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Top income shares and mortality: Evidence from advanced countries

  • Böckerman, Petri

The paper examines the effect of top income shares on the crude death and infant mortality rates. We use balanced panel data that covers nine advanced countries over the period 1952-1998. Top income shares are measured as the shares of pre-tax income going to the richest 0.1%, 1% and 10% of the population. We also estimate separate effects on both female and male mortality rates. The most important finding is that there is no overall relationship between top income shares and mortality. If anything, the estimates based on gender breakdown show that there is evidence that an increase in income inequality is associated with a decrease in the crude death rate for males.

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File URL: http://mpra.ub.uni-muenchen.de/19970/1/MPRA_paper_19970.pdf
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Paper provided by University Library of Munich, Germany in its series MPRA Paper with number 19970.

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Date of creation: 12 Jan 2010
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Handle: RePEc:pra:mprapa:19970
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  1. Böckerman, Petri & Johansson, Edvard & Helakorpi, Satu & Uutela, Antti, 2007. "Economic Inequality and Health: Looking Beyond Aggregate Indicators," Discussion Papers 1104, The Research Institute of the Finnish Economy.
  2. Ulf-G. Gerdtham & Magnus Johannesson, 2004. "Absolute Income, Relative Income, Income Inequality, and Mortality," Journal of Human Resources, University of Wisconsin Press, vol. 39(1).
  3. Andrew Leigh & Christopher Jencks, 2006. "Inequality and Mortality: Long-Run Evidence from a Panel of Countries," CEPR Discussion Papers 533, Centre for Economic Policy Research, Research School of Economics, Australian National University.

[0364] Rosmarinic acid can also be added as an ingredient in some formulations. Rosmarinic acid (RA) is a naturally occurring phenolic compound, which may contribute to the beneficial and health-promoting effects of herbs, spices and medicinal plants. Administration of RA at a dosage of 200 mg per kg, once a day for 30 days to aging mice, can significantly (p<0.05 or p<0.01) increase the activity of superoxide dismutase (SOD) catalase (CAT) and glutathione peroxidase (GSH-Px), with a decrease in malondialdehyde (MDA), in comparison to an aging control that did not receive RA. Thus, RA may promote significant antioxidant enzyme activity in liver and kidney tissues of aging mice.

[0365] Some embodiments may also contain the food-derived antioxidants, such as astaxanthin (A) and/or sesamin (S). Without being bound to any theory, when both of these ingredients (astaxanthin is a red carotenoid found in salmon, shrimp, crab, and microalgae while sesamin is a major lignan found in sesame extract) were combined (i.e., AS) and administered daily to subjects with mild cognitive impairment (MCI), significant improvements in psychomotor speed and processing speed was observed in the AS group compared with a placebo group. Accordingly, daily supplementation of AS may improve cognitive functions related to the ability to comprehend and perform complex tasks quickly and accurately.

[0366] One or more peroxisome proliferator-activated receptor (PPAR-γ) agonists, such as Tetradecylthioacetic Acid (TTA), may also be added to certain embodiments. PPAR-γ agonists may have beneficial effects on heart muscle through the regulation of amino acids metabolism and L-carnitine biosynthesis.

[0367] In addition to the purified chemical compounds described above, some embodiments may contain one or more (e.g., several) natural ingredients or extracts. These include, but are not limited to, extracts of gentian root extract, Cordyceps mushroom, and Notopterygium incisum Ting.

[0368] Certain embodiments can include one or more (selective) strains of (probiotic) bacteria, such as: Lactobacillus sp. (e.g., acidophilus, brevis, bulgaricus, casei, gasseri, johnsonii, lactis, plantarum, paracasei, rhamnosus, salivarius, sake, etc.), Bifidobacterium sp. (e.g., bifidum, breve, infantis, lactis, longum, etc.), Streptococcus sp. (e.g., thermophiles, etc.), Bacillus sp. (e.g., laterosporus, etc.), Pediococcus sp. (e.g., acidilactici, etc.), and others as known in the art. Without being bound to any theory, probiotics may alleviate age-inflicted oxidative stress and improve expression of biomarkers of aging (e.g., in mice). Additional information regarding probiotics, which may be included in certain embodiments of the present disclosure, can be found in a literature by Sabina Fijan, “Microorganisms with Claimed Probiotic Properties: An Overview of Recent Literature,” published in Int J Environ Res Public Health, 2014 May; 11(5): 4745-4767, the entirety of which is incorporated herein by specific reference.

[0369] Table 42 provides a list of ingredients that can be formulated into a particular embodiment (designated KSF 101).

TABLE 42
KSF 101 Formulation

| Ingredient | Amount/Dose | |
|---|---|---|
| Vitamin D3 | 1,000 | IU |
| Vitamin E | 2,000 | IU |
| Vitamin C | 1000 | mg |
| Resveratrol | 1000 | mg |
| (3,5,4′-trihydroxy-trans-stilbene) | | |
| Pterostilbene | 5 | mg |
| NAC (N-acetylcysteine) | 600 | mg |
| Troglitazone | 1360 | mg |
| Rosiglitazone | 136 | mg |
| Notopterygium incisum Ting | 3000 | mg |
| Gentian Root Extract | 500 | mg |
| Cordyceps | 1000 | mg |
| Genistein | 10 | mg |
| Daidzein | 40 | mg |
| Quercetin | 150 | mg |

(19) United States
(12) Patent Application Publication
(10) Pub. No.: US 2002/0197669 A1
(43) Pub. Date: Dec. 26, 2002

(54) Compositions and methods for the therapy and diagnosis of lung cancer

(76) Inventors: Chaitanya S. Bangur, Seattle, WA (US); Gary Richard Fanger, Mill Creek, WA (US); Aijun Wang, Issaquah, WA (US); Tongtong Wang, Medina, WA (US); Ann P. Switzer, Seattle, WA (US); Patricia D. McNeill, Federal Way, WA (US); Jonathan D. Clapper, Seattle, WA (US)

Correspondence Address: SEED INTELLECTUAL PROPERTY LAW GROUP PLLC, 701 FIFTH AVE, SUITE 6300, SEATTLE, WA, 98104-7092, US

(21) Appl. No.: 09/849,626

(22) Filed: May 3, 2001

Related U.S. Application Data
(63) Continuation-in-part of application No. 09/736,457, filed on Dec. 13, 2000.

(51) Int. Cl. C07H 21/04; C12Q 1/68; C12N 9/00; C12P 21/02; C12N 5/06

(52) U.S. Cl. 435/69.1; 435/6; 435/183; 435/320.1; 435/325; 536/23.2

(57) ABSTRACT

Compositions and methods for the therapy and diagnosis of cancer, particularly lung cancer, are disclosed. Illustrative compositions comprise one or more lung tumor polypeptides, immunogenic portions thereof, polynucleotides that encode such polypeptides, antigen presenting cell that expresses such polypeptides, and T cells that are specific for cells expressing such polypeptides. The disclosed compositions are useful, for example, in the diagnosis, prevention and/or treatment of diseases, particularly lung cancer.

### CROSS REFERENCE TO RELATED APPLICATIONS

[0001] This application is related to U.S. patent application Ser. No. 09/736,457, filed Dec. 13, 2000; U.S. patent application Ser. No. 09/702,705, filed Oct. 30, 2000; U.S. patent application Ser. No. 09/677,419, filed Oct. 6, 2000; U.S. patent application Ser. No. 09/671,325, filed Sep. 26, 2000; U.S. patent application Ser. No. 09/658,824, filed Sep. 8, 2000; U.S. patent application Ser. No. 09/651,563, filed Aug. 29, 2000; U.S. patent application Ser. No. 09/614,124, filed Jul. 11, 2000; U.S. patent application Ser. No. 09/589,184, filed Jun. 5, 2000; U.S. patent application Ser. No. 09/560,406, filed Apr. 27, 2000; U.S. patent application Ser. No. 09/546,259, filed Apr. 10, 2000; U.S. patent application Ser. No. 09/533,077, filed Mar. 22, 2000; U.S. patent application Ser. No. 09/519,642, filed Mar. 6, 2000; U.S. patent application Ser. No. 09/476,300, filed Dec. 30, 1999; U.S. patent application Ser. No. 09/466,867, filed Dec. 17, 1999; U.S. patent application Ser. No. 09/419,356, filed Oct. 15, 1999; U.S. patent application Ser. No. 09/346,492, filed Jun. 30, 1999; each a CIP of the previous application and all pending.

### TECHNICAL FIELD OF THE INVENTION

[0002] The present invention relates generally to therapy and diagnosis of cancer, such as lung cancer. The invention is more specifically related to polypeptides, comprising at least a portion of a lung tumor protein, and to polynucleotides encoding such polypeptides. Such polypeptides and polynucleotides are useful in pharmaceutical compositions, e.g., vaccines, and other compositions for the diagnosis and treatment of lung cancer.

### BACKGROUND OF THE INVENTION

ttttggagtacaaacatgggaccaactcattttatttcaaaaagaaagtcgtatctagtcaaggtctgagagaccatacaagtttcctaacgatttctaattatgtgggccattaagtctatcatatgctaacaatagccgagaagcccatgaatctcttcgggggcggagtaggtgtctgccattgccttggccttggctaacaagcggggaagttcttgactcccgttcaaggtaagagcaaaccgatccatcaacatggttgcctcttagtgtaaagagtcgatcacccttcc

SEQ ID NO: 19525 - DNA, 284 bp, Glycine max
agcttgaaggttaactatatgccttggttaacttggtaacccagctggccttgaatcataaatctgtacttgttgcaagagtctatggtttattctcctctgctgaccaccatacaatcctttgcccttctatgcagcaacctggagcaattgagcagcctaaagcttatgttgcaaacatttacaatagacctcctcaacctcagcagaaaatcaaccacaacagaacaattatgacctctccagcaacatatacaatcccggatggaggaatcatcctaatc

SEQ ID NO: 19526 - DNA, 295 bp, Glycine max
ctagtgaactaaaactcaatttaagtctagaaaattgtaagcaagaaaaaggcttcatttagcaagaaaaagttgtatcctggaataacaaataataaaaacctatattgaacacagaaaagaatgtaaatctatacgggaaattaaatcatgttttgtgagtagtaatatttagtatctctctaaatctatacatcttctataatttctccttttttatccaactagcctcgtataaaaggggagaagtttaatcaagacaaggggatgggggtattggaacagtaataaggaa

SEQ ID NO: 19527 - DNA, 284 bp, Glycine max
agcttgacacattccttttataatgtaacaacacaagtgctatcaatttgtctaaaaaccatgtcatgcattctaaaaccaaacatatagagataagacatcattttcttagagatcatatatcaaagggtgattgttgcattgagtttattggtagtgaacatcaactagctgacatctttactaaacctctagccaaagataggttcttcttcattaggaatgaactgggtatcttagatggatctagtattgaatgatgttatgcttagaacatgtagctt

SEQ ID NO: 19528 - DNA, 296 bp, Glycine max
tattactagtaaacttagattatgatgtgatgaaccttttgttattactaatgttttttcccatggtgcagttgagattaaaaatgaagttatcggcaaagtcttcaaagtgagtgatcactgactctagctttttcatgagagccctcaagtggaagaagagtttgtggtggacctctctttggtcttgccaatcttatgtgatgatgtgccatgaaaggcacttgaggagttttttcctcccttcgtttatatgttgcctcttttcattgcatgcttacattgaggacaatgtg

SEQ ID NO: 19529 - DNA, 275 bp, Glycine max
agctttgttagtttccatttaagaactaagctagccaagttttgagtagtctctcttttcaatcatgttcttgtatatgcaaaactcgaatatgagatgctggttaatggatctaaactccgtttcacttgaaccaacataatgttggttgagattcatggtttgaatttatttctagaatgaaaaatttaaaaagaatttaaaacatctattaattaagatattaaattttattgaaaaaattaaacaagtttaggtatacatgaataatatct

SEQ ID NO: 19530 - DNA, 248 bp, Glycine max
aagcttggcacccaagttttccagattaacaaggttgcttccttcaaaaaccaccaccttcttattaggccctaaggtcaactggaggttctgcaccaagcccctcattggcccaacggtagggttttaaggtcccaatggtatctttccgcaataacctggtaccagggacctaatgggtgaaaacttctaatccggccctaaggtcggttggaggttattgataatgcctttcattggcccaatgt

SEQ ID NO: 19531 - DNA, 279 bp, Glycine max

4. Eckel, Catherine C. & Grossman, Philip J., 2008. "Differences in the Economic Decisions of Men and Women: Experimental Evidence," Handbook of Experimental Economics Results, Elsevier.
  5. Andrea Brandolini & Anthony B. Atkinson, 2001. "Promise and Pitfalls in the Use of "Secondary" Data-Sets: Income Inequality in OECD Countries As a Case Study," Journal of Economic Literature, American Economic Association, vol. 39(3), pages 771-799, September.
  6. Roine, Jesper & Vlachos, Jonas & Waldenström, Daniel, 2007. "The Long-run Determinants of Inequality: What Can We Learn from Top Income Data?," Working Paper Series 721, Research Institute of Industrial Economics, revised 30 Apr 2008.
  7. Waldmann, Robert J, 1992. "Income Distribution and Infant Mortality," The Quarterly Journal of Economics, MIT Press, vol. 107(4), pages 1283-302, November.
  8. Andrew Leigh, 2007. "How Closely Do Top Income Shares Track Other Measures of Inequality?," Economic Journal, Royal Economic Society, vol. 117(524), pages F619-F633, November.
  9. Wilkinson, Richard G & Pickett, Kate E., 2006. "Income inequality and population health: A review and explanation of the evidence," Social Science & Medicine, Elsevier, vol. 62(7), pages 1768-1784, April.
  10. Gravelle, Hugh & Wildman, John & Sutton, Matthew, 2002. "Income, income inequality and health: what can we learn from aggregate data?," Social Science & Medicine, Elsevier, vol. 54(4), pages 577-589, February.
  11. Babones, Salvatore J., 2008. "Income inequality and population health: Correlation and causality," Social Science & Medicine, Elsevier, vol. 66(7), pages 1614-1626, April.
  12. Sarah Voitchovsky, 2005. "Does the Profile of Income Inequality Matter for Economic Growth?," Journal of Economic Growth, Springer, vol. 10(3), pages 273-296, 09.
  13. Atkinson, A. B. & Piketty, Thomas (ed.), 2010. "Top Incomes: A Global Perspective," OUP Catalogue, Oxford University Press, number 9780199286898.
  14. Vincent Hildebrand & Philippe Kerm, 2009. "Income inequality and self-rated health status: Evidence from the european community household panel," Demography, Springer, vol. 46(4), pages 805-825, November.
  15. Emmanuel Saez, 2005. "Top Incomes in the United States and Canada Over the Twentieth Century," Journal of the European Economic Association, MIT Press, vol. 3(2-3), pages 402-411, 04/05.
  16. Paula K. Lorgelly & Joanne Lindley, 2008. "What is the relationship between income inequality and health? Evidence from the BHPS," Health Economics, John Wiley & Sons, Ltd., vol. 17(2), pages 249-265.
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